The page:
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Watch for Fake Ebola Cures Online, FDA Warns

Microscopic view of Ebola virus
A microscopic view of the Ebola virus. (Image credit: CDC/Cynthia Goldsmith/Public Health Image Library)

There is no approved treatment for patients infected with the Ebola virus, but that hasn't stopped online dealers from offering products they claim will prevent the virus or treat people who have the infection. 

The U.S. Food and Drug Administration is warning consumers today (Aug. 14) that products claiming to prevent or treat Ebola virus infections are fraudulent. The FDA has received complaints about a number of such products since the Ebola virus outbreak began in West Africa, according to a statement from the agency.

There are experimental Ebola vaccines and treatments in the early stages of development, and researchers are testing the safety and effectiveness of these medicines. However, the supply of such treatments is limited, the FDA said. [5 Things You Should Know About Ebola]

But dietary supplements, by U.S. law, cannot purport to treat or cure disease. People who promote unapproved products should correct their advertisements and remove any claims that they have a drug or device that can prevent or treat Ebola, the FDA said. Those who don't do so will face FDA action, the administration said.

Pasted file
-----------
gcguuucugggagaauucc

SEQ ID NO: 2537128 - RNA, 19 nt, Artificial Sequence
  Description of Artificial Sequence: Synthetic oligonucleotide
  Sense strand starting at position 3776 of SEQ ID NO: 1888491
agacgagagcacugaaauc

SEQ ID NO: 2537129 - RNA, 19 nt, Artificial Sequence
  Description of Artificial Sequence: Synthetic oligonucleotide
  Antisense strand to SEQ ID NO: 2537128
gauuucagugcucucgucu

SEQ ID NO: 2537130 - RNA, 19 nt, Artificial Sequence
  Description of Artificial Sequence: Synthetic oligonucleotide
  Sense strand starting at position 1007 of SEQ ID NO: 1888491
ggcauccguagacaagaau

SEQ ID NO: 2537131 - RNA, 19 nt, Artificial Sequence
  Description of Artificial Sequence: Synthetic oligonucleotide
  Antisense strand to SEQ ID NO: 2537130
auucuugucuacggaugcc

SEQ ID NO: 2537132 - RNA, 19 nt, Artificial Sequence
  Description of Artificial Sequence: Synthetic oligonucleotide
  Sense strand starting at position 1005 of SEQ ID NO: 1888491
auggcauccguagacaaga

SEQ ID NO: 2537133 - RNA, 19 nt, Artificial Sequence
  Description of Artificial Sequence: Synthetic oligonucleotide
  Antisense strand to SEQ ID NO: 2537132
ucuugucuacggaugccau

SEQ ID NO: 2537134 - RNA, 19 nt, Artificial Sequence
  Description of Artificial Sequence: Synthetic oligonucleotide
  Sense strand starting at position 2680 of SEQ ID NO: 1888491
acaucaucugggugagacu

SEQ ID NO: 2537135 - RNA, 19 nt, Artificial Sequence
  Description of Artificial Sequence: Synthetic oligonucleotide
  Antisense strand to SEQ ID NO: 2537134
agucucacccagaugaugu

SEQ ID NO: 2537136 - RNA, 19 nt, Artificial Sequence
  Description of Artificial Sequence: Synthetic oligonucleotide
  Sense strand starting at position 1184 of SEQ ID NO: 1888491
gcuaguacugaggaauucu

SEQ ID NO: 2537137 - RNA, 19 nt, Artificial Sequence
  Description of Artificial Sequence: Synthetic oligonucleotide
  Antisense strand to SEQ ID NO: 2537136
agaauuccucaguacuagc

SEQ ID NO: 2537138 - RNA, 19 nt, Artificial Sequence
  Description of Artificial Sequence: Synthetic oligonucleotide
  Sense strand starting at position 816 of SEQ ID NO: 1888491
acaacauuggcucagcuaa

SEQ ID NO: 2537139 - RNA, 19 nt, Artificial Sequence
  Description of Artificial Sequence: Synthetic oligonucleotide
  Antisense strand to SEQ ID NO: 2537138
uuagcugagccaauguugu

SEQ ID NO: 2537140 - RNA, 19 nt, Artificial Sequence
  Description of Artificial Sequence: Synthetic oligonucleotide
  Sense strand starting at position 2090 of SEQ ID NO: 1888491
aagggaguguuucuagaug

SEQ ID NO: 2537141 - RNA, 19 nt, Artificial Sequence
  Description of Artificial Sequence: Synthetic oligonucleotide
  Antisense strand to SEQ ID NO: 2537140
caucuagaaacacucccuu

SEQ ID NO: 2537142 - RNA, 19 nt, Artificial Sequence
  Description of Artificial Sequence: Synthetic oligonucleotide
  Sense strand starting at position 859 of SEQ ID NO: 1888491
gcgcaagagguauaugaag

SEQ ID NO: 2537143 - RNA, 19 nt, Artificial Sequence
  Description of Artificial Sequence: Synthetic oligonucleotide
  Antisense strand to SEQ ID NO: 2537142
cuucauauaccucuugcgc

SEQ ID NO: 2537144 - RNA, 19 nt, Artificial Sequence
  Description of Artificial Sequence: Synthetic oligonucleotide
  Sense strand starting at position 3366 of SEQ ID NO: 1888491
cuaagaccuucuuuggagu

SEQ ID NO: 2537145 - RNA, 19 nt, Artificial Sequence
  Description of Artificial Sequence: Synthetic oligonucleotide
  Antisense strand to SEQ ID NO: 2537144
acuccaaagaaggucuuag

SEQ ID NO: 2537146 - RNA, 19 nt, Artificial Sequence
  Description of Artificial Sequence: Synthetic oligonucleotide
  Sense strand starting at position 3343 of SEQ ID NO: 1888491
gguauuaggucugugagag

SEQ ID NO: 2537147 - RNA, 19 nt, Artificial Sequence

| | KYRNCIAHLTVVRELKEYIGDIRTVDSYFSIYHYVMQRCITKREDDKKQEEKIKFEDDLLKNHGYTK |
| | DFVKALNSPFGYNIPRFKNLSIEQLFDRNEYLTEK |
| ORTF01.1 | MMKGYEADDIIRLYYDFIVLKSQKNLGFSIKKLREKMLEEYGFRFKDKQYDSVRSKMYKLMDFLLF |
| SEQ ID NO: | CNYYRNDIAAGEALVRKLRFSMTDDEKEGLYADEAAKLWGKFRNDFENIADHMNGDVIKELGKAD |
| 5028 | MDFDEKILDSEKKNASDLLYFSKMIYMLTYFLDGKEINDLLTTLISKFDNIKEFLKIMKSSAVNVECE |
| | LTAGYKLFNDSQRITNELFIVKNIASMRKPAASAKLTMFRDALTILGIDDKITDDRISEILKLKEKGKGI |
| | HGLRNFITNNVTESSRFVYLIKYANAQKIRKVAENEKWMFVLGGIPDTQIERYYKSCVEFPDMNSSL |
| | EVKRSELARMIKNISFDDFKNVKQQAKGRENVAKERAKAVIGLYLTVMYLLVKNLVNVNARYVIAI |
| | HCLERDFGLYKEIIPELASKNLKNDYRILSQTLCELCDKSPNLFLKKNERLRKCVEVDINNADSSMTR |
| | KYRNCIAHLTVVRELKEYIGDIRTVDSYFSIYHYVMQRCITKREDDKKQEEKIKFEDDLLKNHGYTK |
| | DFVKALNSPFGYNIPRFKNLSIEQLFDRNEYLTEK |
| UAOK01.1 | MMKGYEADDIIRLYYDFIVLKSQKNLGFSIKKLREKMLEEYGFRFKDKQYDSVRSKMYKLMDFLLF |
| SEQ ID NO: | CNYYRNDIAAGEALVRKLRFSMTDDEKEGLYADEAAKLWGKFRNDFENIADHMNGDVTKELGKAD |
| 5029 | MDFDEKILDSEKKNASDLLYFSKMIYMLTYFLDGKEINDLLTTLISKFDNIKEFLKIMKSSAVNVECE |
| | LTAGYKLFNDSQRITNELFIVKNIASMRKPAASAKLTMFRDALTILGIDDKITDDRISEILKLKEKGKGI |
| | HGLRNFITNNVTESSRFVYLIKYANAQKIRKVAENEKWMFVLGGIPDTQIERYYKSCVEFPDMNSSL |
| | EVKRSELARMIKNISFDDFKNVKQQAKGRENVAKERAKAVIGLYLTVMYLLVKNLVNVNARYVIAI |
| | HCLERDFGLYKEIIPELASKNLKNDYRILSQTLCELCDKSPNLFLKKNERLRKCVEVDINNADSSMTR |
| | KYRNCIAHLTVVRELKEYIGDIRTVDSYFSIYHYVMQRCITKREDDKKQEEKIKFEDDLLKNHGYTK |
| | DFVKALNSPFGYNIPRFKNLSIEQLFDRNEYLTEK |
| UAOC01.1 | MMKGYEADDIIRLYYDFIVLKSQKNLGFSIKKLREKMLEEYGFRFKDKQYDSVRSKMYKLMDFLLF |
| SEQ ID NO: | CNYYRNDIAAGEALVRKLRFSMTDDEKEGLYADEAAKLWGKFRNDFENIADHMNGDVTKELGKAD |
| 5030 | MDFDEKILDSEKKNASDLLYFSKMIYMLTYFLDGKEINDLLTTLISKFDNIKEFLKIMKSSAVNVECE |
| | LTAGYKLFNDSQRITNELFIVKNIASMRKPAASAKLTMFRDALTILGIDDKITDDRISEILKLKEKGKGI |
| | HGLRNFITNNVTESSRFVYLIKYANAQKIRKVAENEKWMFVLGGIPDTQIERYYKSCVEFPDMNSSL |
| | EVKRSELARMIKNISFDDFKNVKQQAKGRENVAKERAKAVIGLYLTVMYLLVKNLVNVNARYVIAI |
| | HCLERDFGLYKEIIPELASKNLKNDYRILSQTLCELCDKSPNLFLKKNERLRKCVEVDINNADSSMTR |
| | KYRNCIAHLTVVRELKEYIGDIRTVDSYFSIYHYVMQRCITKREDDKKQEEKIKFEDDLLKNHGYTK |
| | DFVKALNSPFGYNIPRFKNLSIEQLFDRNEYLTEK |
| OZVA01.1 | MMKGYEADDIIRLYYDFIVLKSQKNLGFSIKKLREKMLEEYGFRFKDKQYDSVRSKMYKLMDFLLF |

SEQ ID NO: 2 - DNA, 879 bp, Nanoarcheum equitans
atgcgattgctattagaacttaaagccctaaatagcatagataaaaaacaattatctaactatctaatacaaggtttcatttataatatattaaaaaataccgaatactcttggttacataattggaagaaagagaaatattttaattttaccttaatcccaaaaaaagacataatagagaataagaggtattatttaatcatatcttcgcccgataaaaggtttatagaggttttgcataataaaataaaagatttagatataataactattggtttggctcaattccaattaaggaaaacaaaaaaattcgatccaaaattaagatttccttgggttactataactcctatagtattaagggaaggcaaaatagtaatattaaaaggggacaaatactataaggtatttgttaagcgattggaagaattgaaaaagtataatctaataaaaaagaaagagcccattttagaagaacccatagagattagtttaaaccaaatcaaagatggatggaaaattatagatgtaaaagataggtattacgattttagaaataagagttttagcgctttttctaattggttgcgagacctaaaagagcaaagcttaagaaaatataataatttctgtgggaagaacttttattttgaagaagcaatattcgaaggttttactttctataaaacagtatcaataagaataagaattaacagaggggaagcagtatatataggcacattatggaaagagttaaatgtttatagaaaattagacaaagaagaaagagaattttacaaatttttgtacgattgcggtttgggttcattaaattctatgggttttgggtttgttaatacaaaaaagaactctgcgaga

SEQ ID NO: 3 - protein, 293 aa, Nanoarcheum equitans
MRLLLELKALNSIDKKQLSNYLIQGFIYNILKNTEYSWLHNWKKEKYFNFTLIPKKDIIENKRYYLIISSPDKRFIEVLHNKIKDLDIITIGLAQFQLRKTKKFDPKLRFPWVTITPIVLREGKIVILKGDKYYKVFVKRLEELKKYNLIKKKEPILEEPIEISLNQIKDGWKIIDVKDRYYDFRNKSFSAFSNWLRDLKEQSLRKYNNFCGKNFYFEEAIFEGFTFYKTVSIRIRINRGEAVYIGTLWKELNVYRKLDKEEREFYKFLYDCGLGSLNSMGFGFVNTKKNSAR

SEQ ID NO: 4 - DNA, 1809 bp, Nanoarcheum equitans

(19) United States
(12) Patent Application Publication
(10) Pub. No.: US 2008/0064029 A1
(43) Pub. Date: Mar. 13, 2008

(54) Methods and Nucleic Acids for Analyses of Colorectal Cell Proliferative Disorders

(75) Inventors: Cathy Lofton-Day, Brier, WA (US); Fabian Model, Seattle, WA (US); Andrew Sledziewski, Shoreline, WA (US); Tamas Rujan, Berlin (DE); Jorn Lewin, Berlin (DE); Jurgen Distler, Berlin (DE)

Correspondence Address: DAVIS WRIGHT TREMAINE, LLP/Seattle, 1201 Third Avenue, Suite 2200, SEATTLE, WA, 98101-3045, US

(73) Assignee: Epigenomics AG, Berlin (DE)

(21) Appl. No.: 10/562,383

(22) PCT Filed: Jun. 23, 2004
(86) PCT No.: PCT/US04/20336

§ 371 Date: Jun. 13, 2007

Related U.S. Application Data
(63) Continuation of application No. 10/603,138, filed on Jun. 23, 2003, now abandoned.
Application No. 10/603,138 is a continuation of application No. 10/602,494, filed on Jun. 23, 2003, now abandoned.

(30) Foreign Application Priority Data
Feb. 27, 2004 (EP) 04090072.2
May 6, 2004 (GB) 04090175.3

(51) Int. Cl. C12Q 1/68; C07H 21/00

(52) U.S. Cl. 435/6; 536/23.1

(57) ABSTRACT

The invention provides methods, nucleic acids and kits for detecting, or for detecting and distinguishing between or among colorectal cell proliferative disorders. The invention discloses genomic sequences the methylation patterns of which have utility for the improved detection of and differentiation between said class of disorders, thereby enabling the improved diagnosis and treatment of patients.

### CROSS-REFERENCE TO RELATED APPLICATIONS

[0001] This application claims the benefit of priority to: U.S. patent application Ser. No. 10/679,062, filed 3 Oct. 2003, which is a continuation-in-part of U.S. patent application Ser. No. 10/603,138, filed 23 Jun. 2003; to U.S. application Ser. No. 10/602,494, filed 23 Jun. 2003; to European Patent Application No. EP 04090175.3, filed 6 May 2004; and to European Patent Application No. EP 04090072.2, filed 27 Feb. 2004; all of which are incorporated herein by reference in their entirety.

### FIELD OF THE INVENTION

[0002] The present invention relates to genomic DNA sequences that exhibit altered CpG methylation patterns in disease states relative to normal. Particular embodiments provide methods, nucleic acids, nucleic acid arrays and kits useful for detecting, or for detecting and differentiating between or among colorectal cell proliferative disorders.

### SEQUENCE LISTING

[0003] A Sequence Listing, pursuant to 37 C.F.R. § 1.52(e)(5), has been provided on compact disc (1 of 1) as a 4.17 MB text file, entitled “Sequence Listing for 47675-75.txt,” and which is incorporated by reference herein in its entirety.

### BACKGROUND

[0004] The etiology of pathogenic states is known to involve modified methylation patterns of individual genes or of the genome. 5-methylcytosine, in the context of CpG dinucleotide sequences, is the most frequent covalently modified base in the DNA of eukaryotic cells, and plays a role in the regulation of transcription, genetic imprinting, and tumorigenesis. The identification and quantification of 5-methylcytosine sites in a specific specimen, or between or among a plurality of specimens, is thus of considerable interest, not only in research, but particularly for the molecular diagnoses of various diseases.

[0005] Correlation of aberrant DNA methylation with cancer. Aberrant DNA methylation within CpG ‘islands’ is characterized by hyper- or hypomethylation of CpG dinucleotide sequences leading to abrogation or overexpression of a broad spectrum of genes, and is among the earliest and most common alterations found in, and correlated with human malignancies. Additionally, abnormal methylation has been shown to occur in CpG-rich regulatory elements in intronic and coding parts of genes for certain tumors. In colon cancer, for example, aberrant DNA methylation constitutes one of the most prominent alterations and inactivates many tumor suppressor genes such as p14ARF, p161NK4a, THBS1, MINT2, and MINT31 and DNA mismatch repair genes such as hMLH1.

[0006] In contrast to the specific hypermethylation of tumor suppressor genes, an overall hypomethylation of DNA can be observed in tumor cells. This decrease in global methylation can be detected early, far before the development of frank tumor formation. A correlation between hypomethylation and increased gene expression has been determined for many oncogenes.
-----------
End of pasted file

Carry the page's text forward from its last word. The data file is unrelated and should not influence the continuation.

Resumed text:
People who see fraudulent claims about the virus can notify the FDA.

The Ebola virus doesn't pose a significant risk to the U.S. public, officials at the Centers for Disease Control and Prevention have said.

The virus is transmitted through bodily fluids from people who show symptoms of the illness, or via contaminated devices such as needles. Ebola is not a water-borne or food-borne illness, nor does it travel through the air.

Follow Laura Geggel on Twitter @LauraGeggeland Google+. Follow Live Science @livescience, Facebook & Google+. Original article on Live Science.

Laura is an editor at Live Science. She edits Life's Little Mysteries and reports on general science, including archaeology and animals. Her work has appeared in The New York Times, Scholastic, Popular Science and Spectrum, a site on autism research. She has won multiple awards from the Society of Professional Journalists and the Washington Newspaper Publishers Association for her reporting at a weekly newspaper near Seattle. Laura holds a bachelor's degree in English literature and psychology from Washington University in St. Louis and a master's degree in science writing from NYU.